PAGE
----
Chain Lubrication Problems

A defective chain could cause you to have a major accident, causing harm to you and the bike. Having a properly lubricated chain will avoid chains breaking or the drive train locking up. Chains snapping are amongst the most dangerous of the common motorcycle problems riders face daily.

Dirt and Debris

If your bike is running poorly, give it a good cleaning. One of the most common motorcycle problems is also one of the easiest to fix. Check your maintenance manual first, but it could be as simple as cleaning a spark plug. Sometimes they just need a good clean to make it run smoothly again. This can also help if the bike is not starting.

Batteries

Motorcycle batteries have a short lifespan compared to other vehicular batteries. Because of this, it ranks high on the light of common motorcycle problems. Make sure you are charging your battery at the end of each ride. Your owner’s manual will also have tips on how to keep it charged.

Fuel System

Replacing the hoses on your fuel-injected motorcycles regularly will keep them from drying out and cracking. Just like with anything, proper and routine maintenance will keep you from facing the common motorcycle problems that every rider faces.

Designated Driver: Take Your Turn

We all try and take steps to be a good friend to the people we love. Whether that means being there when our friends need us, answering calls, or delivering food when sick. Everyone’s love language is a little bit different. But, there will come a time in every friendship where we will have a choice to make: who is going to be the DD this evening? We’re all going out, we all want to have fun, but someone has to get us home safe. Your friend Sara did it last time, so it’s your turn. Being a designated driver is difficult for a number of reasons, but there are a lot of unsung benefits to taking this route, versus taking an Uber or risking the drive home…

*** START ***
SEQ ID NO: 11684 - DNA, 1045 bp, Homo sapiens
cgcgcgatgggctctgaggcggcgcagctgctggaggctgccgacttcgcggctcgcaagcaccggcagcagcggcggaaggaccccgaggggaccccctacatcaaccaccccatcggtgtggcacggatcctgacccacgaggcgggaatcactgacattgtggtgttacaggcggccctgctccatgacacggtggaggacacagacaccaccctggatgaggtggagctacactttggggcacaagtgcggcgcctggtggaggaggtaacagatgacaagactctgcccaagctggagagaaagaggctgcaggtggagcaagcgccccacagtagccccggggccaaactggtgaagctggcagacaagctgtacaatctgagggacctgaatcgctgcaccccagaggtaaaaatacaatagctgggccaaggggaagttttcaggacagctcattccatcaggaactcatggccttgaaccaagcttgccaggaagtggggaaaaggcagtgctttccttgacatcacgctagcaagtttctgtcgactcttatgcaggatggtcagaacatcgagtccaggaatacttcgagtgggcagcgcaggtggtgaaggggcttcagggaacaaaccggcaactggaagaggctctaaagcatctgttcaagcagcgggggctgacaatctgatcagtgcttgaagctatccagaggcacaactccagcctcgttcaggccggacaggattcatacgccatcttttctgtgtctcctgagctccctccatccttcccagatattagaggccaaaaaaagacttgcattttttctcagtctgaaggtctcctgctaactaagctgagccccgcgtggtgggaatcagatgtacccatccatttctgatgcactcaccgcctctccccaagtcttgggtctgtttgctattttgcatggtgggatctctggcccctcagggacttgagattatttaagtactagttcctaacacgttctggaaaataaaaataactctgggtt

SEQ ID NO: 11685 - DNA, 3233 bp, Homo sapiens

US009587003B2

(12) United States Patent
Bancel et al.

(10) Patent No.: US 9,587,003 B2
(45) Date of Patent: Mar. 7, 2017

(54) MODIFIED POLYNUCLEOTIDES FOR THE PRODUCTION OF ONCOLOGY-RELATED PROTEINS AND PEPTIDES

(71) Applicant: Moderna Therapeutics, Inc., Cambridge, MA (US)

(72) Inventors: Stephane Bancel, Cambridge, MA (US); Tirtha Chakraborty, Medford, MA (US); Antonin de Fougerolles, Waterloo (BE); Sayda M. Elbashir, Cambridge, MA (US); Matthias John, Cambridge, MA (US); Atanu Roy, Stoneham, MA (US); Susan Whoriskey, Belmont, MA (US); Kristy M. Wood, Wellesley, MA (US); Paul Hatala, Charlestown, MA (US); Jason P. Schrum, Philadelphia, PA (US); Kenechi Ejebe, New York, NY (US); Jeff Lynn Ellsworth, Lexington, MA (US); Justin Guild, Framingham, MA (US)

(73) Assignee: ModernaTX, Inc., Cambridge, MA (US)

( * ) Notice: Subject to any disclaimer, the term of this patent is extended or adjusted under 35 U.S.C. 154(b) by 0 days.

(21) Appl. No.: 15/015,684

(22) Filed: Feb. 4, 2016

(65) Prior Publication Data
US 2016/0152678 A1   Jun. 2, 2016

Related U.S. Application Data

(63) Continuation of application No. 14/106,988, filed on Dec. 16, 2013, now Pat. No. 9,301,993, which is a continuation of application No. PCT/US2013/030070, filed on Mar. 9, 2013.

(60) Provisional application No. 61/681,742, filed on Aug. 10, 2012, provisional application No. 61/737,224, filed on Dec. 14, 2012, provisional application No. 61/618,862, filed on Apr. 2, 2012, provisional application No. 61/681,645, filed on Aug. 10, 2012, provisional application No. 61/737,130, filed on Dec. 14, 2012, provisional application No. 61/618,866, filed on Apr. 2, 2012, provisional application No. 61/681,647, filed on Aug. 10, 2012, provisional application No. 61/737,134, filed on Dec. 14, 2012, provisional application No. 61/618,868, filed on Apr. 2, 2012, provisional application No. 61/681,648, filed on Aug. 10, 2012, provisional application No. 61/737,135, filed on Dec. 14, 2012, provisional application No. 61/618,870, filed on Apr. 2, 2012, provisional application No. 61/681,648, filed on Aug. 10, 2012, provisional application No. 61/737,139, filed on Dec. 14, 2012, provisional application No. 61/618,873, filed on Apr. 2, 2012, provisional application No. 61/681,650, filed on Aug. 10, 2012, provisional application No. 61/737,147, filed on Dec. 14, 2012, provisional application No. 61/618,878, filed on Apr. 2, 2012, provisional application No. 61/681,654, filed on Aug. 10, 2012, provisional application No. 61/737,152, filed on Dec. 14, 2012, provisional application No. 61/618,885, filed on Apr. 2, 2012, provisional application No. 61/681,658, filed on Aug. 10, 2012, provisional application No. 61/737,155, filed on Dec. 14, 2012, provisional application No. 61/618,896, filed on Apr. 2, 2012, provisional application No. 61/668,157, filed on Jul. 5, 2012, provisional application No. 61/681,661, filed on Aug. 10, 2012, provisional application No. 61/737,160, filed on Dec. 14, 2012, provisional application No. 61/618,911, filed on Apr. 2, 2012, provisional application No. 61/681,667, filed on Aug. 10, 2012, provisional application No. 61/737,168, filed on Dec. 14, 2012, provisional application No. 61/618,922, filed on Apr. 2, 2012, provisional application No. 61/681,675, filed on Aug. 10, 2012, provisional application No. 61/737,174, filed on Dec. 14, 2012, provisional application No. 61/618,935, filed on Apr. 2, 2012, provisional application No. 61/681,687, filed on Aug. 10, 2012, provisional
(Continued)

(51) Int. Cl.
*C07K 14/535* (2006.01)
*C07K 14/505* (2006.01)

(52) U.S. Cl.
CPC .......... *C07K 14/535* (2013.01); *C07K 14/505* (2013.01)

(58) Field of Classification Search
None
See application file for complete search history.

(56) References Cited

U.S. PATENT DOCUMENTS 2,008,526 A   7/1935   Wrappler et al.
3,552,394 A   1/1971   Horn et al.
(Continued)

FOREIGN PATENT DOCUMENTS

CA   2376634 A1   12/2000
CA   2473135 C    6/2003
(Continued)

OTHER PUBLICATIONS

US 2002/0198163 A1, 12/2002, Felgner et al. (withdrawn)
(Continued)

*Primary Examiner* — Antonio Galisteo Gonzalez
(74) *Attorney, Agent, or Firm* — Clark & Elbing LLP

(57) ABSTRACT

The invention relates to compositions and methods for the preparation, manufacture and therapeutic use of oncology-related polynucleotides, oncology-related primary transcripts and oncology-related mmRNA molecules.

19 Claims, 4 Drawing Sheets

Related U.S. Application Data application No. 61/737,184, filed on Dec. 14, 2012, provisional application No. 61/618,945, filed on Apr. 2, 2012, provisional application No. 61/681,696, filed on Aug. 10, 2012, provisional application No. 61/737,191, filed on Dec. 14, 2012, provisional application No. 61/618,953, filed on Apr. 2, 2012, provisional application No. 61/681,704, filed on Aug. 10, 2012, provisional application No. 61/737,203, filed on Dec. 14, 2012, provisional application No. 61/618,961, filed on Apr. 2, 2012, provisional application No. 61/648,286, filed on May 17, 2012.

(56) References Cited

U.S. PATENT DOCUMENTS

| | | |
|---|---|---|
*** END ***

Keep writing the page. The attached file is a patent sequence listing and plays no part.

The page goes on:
Designated Driver: The Benefits

1: You save money 

Going out for a night of drinking with friends can be a ton of fun. You drink, you dance, laugh, and have a great time with friends. While nights like these are always fun, they can also be quite expensive. Between buying drinks, ordering Ubers, and the inevitable drunken snack— the cost adds up quickly. While you likely have fun money set aside in your budget, you don’t want to spend it all in one place. This is where being the designated driver can really be useful to your finances. 

2. Avoid Hangover 

One of the worst things about drinking, is your body taking revenge the day after. You wake up with a headache, stomach ache, and not wanting to drink ever again. However, when you decide to be the designated driver, you aren’t drinking. And I shouldn’t have to tell you how not drinking can prevent even the nastiest of hangovers…

3. Keep friends safe